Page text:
Law enforcement has used a variety of surveillance equipment in the fight against crime, but recently, highly publicized instances of police brutality and conflicting witness accounts have sparked a growing trend aimed at surveilling and recording the actions of on-duty police officers. Although law enforcement agencies across the country are already equipped with dash cameras, only a minority of departments use body cameras. Proponents say body cameras will provide greater police accountability, and let the public go wherever an officer goes. They argue that body cameras are “a natural evolution of the dash cam.”
Several Michigan cities have reported positive results from the use of body cameras, and they are currently being tested by Detroit police officers. A Michigan police officer who has been wearing a body camera for the last year believes the technology would have been useful in the recent dispute over the shooting death of Michael Brown. He explained that “right now, there are three to four sides of the story, either way, I think it would have helped the situation.” A body camera would have undoubtedly brought clarity to Ferguson, and similar incidents around the country, but body cameras do have a down side.
The use of police body cameras brings up privacy concerns for both the officers wearing them and the public they interact with. In the course of a day a police officer may interact with citizens on public roadways or other public spaces, but he or she may also be called to a private residence. Government filming inside the private residence of everyone who calls or otherwise interacts with a police officer in their home is especially intrusive. For body cameras to be effective without infringing on privacy rights, these concerns must be carefully considered. Additionally, where and for how long data from body cameras will be stored is an important question still to be answered. Do we want the video documentation from the inside of people’s homes to be accessible somewhere into perpetuity? Many are uneasy about this prospect.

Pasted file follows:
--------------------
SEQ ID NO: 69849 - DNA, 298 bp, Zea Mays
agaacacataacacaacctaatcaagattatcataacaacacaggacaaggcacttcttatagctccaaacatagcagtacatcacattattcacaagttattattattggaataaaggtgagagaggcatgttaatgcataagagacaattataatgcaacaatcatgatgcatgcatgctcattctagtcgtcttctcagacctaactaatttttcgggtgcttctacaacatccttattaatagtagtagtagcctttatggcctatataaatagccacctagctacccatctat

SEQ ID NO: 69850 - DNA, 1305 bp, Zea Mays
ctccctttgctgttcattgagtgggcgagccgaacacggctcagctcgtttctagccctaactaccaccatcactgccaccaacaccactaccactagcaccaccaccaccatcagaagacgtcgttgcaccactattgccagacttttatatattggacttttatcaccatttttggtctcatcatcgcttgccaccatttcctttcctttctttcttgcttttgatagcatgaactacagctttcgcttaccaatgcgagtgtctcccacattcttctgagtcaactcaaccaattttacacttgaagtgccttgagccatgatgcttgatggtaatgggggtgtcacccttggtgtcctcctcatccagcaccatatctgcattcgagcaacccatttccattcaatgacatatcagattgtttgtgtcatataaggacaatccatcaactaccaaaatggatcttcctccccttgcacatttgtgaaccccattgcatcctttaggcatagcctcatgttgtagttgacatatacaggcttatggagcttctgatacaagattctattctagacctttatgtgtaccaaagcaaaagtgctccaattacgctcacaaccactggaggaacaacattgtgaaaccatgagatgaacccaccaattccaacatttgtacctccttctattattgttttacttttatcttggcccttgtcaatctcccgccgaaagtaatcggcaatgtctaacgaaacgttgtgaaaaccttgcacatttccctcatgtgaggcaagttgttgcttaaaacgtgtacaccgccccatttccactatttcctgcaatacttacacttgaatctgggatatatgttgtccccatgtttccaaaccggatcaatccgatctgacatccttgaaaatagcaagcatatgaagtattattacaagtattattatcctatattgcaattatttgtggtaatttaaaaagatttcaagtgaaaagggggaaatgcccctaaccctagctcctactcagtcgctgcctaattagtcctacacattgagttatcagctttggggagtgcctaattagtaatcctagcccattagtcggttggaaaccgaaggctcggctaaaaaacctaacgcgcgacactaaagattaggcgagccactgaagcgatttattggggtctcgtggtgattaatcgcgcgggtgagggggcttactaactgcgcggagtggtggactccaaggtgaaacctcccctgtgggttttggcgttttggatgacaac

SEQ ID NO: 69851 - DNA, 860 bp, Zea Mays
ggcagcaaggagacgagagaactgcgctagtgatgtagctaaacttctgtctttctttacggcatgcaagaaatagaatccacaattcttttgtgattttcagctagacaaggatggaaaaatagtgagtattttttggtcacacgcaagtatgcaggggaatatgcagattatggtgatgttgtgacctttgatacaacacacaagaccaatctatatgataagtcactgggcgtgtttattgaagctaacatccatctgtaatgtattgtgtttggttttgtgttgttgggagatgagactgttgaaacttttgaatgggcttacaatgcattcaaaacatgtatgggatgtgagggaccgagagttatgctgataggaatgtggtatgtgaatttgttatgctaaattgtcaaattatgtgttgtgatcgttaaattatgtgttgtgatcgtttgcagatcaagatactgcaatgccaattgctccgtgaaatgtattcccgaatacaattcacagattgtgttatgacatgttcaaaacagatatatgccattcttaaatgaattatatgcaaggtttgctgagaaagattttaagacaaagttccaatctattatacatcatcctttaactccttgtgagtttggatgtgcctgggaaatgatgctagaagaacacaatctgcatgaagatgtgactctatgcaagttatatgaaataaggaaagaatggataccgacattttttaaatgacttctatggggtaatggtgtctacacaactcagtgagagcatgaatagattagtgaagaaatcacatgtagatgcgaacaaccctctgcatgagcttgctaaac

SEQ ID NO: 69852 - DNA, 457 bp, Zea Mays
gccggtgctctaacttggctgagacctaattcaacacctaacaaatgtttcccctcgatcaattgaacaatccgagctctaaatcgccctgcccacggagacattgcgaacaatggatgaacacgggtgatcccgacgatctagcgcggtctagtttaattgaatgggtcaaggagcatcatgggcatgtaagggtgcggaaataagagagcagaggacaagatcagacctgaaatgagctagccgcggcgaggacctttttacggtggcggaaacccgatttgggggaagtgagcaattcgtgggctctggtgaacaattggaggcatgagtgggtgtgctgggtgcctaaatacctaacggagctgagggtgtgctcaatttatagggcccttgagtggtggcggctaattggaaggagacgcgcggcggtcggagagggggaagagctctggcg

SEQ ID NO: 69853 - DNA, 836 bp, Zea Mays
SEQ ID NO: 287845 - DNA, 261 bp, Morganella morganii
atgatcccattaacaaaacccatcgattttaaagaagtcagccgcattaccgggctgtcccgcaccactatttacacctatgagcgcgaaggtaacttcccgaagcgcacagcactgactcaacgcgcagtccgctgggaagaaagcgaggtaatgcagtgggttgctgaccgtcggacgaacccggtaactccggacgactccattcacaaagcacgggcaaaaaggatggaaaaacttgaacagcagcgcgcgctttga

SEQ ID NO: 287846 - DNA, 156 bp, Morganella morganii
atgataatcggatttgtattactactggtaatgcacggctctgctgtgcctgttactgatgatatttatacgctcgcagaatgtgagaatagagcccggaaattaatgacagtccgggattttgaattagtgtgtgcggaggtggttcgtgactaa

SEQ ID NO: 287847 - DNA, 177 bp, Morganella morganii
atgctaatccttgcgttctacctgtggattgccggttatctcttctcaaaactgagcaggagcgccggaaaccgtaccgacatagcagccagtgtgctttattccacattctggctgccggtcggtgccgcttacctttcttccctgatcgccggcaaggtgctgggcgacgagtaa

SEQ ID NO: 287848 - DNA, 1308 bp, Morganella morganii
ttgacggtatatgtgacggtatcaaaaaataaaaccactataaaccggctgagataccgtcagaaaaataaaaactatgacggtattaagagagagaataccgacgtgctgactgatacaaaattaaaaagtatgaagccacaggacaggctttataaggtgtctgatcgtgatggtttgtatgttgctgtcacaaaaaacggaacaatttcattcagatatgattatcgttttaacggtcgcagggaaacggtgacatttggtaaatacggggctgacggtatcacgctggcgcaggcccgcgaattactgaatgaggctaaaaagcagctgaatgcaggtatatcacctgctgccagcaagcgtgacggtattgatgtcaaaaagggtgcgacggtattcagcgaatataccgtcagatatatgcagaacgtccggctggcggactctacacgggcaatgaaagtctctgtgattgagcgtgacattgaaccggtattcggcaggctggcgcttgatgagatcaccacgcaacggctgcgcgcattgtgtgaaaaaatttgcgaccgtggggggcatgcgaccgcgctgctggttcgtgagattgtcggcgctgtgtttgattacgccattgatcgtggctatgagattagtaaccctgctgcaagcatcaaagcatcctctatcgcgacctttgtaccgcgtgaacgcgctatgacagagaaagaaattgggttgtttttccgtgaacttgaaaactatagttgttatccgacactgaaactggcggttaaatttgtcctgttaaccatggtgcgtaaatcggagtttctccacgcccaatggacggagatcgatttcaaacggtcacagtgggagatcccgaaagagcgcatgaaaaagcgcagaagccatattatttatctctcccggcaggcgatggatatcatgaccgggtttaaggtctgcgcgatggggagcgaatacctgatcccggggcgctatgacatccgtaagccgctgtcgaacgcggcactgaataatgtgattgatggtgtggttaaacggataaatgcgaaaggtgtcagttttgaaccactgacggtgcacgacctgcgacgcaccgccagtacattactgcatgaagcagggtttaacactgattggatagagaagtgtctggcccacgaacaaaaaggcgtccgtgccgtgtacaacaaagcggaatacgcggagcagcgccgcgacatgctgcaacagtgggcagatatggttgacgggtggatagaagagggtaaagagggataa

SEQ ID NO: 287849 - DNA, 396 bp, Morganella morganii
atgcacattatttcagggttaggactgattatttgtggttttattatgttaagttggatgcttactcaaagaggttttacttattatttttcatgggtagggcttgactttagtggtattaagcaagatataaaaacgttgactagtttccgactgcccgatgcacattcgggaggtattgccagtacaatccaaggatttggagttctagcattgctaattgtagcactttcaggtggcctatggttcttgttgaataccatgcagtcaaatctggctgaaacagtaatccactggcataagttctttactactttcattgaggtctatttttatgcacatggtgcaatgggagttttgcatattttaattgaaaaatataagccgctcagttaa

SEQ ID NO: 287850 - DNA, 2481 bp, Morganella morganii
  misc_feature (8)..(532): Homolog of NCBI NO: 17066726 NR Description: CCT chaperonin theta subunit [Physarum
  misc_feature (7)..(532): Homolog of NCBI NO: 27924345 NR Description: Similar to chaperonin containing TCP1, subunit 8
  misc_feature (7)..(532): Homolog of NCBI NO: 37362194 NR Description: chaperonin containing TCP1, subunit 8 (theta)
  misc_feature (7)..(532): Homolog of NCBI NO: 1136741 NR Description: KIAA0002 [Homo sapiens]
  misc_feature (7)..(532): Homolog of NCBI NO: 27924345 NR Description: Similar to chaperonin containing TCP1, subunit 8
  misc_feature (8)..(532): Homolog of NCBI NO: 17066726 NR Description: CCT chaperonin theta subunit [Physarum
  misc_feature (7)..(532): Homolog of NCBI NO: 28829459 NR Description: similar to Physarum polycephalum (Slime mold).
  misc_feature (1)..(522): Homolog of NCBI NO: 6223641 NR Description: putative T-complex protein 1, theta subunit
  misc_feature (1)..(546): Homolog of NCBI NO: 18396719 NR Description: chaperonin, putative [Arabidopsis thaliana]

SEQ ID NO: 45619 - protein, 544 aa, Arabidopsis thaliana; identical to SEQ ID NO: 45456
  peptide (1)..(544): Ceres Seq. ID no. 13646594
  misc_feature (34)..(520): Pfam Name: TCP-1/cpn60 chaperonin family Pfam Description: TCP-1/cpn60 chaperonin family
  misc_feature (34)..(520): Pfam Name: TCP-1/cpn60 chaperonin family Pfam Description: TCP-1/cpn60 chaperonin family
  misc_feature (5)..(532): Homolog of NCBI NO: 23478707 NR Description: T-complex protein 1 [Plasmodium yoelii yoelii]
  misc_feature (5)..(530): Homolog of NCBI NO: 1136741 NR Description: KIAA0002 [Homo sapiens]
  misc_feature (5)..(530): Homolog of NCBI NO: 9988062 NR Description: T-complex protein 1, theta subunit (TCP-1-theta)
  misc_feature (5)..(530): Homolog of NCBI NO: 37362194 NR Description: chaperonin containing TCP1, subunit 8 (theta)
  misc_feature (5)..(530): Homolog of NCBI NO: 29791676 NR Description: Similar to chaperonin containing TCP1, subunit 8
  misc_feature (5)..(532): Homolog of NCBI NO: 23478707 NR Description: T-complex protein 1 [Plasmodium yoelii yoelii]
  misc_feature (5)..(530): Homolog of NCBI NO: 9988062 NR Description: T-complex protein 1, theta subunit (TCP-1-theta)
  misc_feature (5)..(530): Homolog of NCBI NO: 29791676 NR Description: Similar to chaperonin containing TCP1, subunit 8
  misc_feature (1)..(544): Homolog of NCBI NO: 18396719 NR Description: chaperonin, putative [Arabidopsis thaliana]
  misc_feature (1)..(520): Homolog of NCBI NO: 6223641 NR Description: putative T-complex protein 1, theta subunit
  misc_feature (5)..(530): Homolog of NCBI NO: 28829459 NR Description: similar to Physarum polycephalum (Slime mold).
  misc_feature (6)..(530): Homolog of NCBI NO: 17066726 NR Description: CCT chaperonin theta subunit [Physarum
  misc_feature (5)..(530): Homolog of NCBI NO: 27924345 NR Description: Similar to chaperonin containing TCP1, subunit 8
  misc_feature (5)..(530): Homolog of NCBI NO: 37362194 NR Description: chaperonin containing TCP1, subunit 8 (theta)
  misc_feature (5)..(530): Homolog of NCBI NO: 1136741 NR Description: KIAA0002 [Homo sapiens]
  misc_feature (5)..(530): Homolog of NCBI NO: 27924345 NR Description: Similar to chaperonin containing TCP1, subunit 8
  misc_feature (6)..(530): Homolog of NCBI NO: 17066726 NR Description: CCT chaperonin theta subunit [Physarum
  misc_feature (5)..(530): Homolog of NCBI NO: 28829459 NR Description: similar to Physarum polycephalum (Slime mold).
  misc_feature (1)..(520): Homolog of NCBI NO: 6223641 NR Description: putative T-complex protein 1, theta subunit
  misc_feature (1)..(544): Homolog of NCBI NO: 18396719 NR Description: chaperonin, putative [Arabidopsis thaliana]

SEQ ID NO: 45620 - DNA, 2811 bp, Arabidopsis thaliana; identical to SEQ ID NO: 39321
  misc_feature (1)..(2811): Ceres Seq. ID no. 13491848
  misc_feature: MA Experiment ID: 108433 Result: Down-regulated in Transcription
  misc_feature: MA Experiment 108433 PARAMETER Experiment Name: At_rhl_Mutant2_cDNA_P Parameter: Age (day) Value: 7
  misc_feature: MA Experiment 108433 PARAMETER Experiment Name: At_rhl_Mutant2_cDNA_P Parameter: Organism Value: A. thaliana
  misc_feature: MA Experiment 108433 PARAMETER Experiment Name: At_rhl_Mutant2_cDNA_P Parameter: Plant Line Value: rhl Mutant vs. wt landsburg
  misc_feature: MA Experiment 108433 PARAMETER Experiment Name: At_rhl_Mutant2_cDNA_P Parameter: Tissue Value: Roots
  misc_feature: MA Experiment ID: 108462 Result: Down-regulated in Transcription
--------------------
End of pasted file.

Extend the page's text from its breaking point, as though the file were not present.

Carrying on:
Videos of arrests are also liable to end up on the internet. While the whole point of body cameras is to allow the public to monitor the police, this will necessarily mean filming and potentially publicizing private citizens during some of their most vulnerable moments. These videos could impact people’s lives, relationships, and future opportunities.
Body cameras and other emerging surveillance technology are powerful tools that could shed light on law enforcement activities around the country. It’s completely fair for the public to want to keep a close eye on the public employees who police them. However, we must respect the implications of this equipment, and keep privacy concerns at the forefront of every equation. The American Civil Liberties Union is supportive of body cameras, as long as we work hard to protect the privacy interests of our citizens from this potentially intrusive technology. Despite some concerns, the legal director of the ACLU of Michigan said that “cameras have the potential to be a win-win in that they not only protect the public against police misconduct, they also help the police against false accusations of abuse.”